Mississippi Supreme Court to Decide if Lesbian Can Be Considered Parent of Woman’s Child Following ‘Divorce’

JACKSON, Miss. — The Mississippi Supreme Court is set to rule on a case involving two “divorced” women who are locked in a custody battle as one of the women contends that she should also be recognized as the child’s mother, even if she is not the biological parent.

Christina Strickland is seeking equal custody of Kimberly Day’s six-year-old son Zayden, who was conceived in 2011 via artificial insemination while they were in a lesbian relationship. The two, which had “wed” in Massachusetts in 2009, separated in 2013 and officially were “divorced” last year. Day went on to marry a man.

During the divorce proceedings in October 2016, Rankin County Chancery Judge John Grant gave sole custody of Zayden to Day, stating that while the boy was “a child born during the marriage” he was not “a child born of the marriage.” Read the ruling here.

“Zayden has got a natural father somewhere,” he wrote. “The court hasn’t seen anything placed before it to show that the natural father’s parental rights have been terminated. The court questions: Is the natural father not Zayden’s father, even though he is an absent one? The court is of the opinion the natural father is Zayden’s father.”

“That the court therefore concludes that Zayden is a child born during the marriage, not of the marriage, because the conception of Zayden is impossible between two females,” Grant continued. “The court concludes there is a natural father. The natural father may never come into court. He may never be known, and probably won’t be, but he is still a father; and that is a right that our Supreme Court has recognized for many, many years.”

While he concluded that Strickland does indeed have rights to visitation as she had a “bond” with Zayden in helping to care for him—and ordered her to pay child support—Grant gave sole custody to Day.

Strickland says that after Day married a man in 2015, she stopped allowing her to see Zayden and a teenage boy that Day adopted in 2007. She believes that the courts should grant 50-50 custody, and says she tried to have her name placed on the child’s birth certificate when he was born, but was disallowed under state law.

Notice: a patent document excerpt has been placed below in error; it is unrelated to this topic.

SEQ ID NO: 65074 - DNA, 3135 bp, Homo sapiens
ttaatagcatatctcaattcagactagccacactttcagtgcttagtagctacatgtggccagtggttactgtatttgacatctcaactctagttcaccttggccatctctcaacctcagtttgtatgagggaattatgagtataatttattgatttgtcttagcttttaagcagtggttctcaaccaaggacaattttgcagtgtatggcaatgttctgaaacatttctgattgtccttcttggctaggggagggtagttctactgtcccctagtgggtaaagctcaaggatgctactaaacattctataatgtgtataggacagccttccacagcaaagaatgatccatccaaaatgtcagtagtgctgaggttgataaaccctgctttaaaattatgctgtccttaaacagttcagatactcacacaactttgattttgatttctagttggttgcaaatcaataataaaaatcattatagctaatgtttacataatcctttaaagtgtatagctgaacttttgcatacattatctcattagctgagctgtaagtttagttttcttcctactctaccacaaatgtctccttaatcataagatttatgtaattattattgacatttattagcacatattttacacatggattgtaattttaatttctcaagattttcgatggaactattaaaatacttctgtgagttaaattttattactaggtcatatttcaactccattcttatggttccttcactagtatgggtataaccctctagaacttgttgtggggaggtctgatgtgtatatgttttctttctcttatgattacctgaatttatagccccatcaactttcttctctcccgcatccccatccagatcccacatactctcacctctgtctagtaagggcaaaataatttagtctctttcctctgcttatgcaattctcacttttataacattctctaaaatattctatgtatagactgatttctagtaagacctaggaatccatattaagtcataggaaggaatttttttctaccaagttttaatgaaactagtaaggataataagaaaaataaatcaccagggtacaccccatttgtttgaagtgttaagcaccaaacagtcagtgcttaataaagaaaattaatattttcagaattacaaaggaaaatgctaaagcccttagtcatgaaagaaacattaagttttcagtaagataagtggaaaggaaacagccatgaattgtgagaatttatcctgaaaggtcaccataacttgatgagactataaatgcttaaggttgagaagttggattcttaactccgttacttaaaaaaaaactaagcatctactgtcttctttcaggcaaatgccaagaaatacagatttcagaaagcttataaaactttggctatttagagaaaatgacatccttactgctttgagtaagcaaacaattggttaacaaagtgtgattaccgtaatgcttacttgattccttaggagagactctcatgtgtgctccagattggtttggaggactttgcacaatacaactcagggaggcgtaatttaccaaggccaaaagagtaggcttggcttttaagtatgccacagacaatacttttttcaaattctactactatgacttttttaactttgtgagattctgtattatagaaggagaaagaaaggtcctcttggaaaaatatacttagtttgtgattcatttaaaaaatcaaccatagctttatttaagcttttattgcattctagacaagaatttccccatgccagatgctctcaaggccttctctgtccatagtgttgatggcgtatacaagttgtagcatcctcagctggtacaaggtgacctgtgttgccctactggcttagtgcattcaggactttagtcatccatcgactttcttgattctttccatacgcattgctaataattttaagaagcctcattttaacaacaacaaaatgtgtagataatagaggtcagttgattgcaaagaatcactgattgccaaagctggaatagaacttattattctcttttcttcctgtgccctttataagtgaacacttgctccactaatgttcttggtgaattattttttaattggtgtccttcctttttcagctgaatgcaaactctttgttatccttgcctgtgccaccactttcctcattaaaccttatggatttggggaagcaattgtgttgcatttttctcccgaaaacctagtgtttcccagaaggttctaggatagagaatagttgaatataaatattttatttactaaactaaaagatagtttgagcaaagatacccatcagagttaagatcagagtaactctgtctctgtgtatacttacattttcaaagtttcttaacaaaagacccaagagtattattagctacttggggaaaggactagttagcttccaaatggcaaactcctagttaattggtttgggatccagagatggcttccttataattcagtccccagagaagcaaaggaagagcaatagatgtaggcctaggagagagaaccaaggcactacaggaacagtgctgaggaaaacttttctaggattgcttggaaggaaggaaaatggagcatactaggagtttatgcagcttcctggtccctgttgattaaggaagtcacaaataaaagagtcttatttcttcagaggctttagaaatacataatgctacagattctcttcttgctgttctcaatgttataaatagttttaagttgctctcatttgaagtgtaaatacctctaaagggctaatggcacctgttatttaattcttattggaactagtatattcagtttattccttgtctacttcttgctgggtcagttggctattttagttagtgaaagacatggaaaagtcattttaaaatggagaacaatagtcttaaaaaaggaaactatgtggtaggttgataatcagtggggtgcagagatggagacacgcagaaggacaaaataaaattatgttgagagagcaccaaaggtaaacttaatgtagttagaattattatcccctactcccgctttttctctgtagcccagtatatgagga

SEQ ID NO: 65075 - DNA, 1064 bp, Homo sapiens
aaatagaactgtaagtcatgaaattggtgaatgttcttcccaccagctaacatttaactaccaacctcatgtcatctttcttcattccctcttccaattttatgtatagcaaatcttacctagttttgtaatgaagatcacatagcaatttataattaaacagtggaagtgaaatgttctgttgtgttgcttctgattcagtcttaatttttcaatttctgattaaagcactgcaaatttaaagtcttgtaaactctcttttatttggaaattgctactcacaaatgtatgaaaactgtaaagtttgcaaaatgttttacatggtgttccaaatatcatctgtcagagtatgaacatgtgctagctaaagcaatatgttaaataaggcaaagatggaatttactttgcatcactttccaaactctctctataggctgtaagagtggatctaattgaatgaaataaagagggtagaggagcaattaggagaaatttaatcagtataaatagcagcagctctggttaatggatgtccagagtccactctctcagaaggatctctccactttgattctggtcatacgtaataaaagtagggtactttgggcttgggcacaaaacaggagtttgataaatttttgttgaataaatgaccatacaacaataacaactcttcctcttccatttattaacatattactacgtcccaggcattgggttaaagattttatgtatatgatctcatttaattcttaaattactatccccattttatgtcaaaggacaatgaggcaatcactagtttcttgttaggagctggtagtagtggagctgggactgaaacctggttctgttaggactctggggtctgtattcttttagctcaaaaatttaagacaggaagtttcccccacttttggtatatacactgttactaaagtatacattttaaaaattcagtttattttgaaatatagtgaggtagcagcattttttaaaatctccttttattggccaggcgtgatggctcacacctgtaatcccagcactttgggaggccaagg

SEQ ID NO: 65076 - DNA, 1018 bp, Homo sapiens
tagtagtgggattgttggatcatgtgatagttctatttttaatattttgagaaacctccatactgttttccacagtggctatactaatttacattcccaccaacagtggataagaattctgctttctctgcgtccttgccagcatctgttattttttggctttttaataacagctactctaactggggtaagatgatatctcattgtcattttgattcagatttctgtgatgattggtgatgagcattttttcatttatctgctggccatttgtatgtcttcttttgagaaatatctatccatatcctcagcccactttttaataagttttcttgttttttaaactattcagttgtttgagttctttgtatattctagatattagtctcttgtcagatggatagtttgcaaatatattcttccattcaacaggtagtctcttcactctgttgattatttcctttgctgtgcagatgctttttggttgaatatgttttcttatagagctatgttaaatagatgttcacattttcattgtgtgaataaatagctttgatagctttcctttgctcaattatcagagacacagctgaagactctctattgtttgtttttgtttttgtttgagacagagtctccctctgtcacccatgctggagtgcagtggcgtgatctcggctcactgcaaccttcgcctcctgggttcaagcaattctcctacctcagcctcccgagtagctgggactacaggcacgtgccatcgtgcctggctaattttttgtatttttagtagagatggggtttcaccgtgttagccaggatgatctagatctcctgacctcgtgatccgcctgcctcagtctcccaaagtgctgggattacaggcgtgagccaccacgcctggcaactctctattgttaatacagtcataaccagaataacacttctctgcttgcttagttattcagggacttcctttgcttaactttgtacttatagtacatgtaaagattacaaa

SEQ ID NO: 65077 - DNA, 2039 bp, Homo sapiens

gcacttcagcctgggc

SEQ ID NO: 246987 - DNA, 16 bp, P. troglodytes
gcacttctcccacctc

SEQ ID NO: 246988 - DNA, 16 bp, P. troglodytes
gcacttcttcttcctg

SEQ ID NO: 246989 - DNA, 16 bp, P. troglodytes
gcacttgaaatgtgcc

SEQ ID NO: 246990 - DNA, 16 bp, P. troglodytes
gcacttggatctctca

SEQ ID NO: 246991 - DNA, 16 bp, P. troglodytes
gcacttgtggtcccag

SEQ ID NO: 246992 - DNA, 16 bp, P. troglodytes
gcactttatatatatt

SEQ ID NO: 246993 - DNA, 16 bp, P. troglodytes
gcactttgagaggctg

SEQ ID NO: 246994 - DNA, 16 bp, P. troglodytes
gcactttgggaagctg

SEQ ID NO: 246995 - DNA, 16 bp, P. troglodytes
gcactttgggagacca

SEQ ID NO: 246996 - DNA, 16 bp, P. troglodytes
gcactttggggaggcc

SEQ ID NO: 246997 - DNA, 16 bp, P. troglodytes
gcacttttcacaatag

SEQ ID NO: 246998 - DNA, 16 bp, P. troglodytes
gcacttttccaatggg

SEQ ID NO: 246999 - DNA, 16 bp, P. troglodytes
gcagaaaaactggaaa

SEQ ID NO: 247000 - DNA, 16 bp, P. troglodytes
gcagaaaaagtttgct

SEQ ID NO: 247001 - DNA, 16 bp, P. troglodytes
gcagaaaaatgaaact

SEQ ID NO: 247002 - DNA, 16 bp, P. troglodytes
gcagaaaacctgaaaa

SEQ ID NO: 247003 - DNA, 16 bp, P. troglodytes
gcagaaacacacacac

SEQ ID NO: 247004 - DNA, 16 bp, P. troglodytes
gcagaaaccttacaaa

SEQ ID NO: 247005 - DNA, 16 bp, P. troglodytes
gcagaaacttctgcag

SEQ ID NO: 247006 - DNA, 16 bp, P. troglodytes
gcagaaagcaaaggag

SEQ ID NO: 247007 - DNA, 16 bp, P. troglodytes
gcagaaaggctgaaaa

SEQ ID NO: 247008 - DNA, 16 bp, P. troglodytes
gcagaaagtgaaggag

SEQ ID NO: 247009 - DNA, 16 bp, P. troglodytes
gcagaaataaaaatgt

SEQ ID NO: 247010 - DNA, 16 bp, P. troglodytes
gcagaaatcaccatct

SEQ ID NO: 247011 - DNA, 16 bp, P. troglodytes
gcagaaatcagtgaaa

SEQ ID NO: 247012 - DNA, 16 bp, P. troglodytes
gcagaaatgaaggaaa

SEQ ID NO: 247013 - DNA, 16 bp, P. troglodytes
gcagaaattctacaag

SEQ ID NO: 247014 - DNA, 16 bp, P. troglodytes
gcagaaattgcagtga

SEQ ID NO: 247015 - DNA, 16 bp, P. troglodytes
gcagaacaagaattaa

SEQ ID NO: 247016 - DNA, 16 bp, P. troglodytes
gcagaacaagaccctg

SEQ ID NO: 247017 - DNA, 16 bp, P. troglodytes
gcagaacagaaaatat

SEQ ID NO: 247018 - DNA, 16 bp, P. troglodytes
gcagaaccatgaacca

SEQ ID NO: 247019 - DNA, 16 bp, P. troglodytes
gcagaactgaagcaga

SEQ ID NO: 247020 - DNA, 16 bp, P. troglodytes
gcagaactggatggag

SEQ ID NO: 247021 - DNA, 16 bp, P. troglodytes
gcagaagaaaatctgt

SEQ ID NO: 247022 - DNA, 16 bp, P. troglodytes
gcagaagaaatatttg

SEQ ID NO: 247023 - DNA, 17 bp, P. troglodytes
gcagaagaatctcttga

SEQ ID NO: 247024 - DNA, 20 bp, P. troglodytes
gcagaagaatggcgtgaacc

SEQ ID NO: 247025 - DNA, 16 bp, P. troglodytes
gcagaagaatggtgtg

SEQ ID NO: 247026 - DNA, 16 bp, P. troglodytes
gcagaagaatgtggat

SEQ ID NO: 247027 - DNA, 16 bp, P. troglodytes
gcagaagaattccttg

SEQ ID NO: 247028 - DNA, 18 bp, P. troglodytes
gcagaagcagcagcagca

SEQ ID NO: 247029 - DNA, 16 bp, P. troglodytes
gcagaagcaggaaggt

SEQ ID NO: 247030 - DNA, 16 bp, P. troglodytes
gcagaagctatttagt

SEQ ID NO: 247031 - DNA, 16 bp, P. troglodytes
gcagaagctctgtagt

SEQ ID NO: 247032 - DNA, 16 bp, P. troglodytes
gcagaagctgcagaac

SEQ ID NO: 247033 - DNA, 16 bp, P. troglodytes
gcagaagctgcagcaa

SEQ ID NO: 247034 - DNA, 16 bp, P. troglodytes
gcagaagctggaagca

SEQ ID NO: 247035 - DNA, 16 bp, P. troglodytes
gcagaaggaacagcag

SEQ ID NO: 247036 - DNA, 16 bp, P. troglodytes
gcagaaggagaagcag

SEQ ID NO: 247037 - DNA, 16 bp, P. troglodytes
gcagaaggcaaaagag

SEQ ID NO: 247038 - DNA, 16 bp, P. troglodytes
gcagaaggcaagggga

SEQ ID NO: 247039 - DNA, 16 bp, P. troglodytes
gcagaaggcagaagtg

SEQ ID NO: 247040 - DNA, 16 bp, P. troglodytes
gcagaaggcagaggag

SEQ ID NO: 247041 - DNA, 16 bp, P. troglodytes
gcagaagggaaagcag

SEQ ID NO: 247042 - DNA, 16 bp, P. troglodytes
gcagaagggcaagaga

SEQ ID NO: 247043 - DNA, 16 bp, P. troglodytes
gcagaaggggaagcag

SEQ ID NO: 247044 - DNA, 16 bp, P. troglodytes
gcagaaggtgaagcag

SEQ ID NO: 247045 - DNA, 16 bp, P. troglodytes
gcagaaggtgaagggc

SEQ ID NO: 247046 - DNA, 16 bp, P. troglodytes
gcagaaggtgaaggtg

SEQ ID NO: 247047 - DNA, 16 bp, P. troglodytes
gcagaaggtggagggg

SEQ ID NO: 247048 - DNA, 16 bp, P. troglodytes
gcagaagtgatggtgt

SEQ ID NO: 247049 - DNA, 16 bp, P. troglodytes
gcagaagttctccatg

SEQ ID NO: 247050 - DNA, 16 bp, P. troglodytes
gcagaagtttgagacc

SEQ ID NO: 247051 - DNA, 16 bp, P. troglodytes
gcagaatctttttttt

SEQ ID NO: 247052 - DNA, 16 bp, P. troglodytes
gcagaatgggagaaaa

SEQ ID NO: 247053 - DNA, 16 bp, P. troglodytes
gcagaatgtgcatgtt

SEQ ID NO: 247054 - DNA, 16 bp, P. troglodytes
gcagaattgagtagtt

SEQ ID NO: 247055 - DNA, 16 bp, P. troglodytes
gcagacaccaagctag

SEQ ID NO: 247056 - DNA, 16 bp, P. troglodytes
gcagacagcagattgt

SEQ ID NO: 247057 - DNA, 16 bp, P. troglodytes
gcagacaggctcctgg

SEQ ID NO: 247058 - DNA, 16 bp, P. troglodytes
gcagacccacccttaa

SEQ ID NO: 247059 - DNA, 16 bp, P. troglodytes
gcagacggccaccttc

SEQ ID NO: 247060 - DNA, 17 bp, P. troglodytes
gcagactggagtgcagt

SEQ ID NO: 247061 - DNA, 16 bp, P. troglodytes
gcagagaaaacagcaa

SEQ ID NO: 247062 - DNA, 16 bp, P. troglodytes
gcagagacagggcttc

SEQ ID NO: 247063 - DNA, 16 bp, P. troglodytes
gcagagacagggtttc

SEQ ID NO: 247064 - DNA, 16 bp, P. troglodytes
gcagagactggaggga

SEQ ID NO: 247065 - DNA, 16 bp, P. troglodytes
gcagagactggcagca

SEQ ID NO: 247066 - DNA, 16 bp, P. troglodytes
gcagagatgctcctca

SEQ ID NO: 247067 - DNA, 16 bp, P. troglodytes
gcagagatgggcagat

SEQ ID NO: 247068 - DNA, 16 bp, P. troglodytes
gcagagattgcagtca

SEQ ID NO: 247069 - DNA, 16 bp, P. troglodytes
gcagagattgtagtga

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The case recently went before the Mississippi Supreme Court, which will now decide the matter.

“This child really needs to have a legal relationship to both people who brought him into the world and who he knows and understands to be his only parents, not some anonymous sperm donor,” Strickland’s attorney, Beth Littrell, told the court, according to ABC News.

Day’s attorney, Prentiss Grant (no relation to the judge) argued that sperm donors do have legal rights and that those who did not biologically create the child would be more of an adoptive parent.

“This is basically a middle situation where we have a marital unit but we do not have a biological connection,” he said.

Strickland could have sought to terminate the rights of the sperm donor as father and then adopted the child, Grant noted, but that didn’t happen.

“This case is not an equal protection case or a presumption of marriage case. It is an assisted reproduction case. The main question here is simple: whether a couple, same-sex or opposite-sex, who conceives and has a child through assisted reproduction technology using donor sperm, donor egg, or a surrogate mother should be required to follow existing law and terminate the parental rights of the donor or surrogate. The answer is a resounding yes,” he also stated in written argument.

As previously reported, a similar case occurred in 2006 when then-Vermont resident Lisa Miller and her partner Janet Jenkins “divorced” and Jenkins was granted visitation rights surrounding the four-year-old girl that Miller conceived via in vitro fertilization.

Miller, who disavowed homosexuality and professed her faith in Christ, soon sought to discontinue visitations due to various concerns. After moving out of state, she obtained a court declaration that she was the sole parent as civil unions were not recognized in Virginia, but Jenkins was successful on appeal in regaining visitation rights.

Miller still refused to allow visitations as she did not want her child exposed to homosexuality, and was threatened by a Vermont judge that if she did not permit Jenkins to see the girl, full custody would be transferred to Jenkins. By the time that the judge officially ordered the transfer, however, Miller had already fled the country with her daughter. She has not been seen since.

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